Ministers have confirmed reviews of Air Passenger Duty (APD) and regional connectivity but have not given further details of government action to rescue struggling airline Flybe.
The airline has stated that it has agreed a financial arrangement with HM Revenue and Customs to defer tax payments of ‘less than £10m’. It is believed – but not confirmed – that this refers to APD payments made by passengers, which the firm should have passed on to government.
The company has also stated that it was in discussions with the government on the possibility of a loan.
However, in a written statement to Parliament, transport secretary Grant Shapps only referred to a review of regional connectivity, as part of which the Treasury will be reviewing APD.
He told MPs: ‘These measures featured in discussions between the Department for Transport, the Department for Business, Energy and Industrial Strategy and HM Treasury and Europe’s largest regional airline, Flybe, which plays an important role in the UK’s connectivity.’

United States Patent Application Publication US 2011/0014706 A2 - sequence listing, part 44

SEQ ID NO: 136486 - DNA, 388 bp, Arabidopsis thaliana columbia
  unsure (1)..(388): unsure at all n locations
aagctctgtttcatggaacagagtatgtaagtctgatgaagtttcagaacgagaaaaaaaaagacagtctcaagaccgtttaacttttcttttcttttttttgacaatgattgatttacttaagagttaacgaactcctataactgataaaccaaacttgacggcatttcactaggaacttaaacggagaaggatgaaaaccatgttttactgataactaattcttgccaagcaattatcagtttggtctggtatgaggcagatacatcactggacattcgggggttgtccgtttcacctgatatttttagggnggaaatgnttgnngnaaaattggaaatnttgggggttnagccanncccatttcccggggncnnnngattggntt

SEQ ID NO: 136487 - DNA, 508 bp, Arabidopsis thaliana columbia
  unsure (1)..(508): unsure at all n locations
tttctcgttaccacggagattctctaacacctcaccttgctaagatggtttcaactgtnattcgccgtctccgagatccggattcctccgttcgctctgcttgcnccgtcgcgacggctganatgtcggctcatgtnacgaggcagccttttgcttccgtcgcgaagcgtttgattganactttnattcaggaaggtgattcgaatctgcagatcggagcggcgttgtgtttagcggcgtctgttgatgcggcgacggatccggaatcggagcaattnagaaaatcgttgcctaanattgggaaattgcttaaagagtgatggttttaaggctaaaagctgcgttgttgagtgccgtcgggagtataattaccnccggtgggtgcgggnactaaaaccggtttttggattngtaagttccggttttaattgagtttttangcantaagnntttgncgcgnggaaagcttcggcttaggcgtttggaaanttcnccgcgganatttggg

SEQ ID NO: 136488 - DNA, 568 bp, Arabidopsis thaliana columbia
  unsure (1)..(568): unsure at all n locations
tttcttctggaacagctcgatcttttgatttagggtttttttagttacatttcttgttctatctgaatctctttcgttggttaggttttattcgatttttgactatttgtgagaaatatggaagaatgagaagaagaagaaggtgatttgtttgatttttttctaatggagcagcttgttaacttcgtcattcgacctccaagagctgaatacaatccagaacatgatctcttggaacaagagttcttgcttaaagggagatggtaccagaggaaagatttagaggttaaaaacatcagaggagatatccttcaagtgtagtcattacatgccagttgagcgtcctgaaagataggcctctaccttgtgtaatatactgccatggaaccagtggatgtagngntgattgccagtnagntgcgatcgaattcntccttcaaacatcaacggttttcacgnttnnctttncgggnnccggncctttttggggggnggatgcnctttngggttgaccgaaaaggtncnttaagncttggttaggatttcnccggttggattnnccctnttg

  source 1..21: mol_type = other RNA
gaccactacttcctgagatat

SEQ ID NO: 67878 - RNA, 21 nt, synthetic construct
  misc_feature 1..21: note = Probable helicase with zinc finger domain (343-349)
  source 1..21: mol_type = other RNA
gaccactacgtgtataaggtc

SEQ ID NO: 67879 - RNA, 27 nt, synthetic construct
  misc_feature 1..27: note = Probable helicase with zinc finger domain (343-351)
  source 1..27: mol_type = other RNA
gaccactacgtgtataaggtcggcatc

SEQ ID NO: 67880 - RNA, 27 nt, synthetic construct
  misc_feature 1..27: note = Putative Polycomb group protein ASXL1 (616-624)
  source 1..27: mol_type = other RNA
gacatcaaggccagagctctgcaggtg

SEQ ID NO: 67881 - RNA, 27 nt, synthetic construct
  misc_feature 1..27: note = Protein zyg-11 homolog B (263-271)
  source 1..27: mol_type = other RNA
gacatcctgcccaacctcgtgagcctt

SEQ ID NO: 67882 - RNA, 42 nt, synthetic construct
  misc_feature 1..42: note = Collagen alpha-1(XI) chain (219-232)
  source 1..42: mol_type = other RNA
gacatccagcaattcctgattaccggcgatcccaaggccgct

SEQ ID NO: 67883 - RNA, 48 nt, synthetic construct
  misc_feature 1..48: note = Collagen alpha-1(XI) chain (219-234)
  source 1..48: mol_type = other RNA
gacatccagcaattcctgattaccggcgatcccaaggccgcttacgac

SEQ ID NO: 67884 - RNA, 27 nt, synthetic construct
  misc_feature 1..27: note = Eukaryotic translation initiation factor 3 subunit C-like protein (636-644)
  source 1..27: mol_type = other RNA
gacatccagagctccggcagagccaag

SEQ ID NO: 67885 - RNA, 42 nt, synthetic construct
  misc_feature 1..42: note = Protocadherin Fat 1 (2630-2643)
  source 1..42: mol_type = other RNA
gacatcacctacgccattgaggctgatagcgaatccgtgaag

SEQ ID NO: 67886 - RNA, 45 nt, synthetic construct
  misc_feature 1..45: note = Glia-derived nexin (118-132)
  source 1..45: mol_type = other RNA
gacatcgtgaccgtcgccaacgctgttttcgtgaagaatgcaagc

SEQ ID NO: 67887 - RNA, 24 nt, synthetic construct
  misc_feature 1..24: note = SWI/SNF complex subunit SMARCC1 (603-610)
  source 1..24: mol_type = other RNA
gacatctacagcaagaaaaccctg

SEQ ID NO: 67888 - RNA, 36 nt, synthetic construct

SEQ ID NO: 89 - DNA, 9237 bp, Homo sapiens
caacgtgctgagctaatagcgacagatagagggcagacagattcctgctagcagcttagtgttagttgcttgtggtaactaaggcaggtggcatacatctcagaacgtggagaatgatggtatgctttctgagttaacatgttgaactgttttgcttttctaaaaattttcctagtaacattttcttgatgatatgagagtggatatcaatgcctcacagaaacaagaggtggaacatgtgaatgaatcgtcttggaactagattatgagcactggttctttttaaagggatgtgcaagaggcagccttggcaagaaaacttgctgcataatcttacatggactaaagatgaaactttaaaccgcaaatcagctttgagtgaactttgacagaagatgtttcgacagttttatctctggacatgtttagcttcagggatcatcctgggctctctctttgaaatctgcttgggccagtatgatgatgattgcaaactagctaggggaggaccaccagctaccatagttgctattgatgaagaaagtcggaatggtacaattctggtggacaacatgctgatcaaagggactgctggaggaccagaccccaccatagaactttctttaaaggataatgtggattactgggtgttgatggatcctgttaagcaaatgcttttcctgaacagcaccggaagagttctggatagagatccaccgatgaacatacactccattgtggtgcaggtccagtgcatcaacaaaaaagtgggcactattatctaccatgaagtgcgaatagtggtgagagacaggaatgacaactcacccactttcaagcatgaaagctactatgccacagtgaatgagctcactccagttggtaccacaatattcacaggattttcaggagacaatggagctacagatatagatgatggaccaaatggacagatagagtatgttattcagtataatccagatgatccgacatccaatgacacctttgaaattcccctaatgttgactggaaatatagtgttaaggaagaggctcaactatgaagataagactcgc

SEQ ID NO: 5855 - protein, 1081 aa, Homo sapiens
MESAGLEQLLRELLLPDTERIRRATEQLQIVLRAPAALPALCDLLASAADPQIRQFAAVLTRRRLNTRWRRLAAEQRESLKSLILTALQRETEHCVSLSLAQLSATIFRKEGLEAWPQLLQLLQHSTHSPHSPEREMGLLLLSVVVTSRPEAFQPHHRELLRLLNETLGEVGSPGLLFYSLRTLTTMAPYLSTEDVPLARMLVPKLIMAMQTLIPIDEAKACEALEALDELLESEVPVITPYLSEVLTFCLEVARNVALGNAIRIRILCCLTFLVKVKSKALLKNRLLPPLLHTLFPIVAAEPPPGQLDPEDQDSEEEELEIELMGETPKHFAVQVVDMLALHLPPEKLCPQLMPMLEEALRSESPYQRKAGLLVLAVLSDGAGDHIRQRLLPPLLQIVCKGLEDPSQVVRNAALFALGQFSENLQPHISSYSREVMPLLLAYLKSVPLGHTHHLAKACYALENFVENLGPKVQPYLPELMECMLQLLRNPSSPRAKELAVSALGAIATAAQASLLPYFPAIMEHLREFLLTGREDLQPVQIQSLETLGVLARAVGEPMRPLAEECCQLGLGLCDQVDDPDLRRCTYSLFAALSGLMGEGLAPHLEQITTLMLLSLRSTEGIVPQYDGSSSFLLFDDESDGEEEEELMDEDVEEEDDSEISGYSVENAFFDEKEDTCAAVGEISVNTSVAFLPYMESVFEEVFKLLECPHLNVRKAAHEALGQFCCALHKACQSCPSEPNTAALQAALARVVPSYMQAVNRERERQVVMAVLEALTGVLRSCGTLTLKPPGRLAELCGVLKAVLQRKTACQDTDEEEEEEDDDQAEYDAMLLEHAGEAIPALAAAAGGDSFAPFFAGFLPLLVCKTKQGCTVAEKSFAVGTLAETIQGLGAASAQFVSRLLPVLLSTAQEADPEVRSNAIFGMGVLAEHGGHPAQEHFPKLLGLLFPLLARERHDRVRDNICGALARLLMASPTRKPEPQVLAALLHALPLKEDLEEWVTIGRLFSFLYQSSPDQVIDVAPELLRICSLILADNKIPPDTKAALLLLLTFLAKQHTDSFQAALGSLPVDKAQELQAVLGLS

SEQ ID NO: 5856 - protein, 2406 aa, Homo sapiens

He added: ‘HMG was notified about the difficulties of Flybe on 11 January, and since then we have worked intensively with the company to understand their financial position and explore options.
‘In the light of these discussions the management and shareholders on 14 January took action to set Flybe on a recovery path.’
The moves to help Flybe have been criticised by other airline bosses, including Willie Walsh of British Airways owner IAG and Ryanair boss Michael O'Leary.
In a statement Flybe said media reporting of its arrangement with HMRC 'has been inaccurate'.
it stated that a payment plan was agreed for a debt of less than £10m and that the agreement 'will only last a matter of months before all taxes and duties are paid in full'.
The firm declined to clarify whether it has sought or obtained any other form of loan from the Government.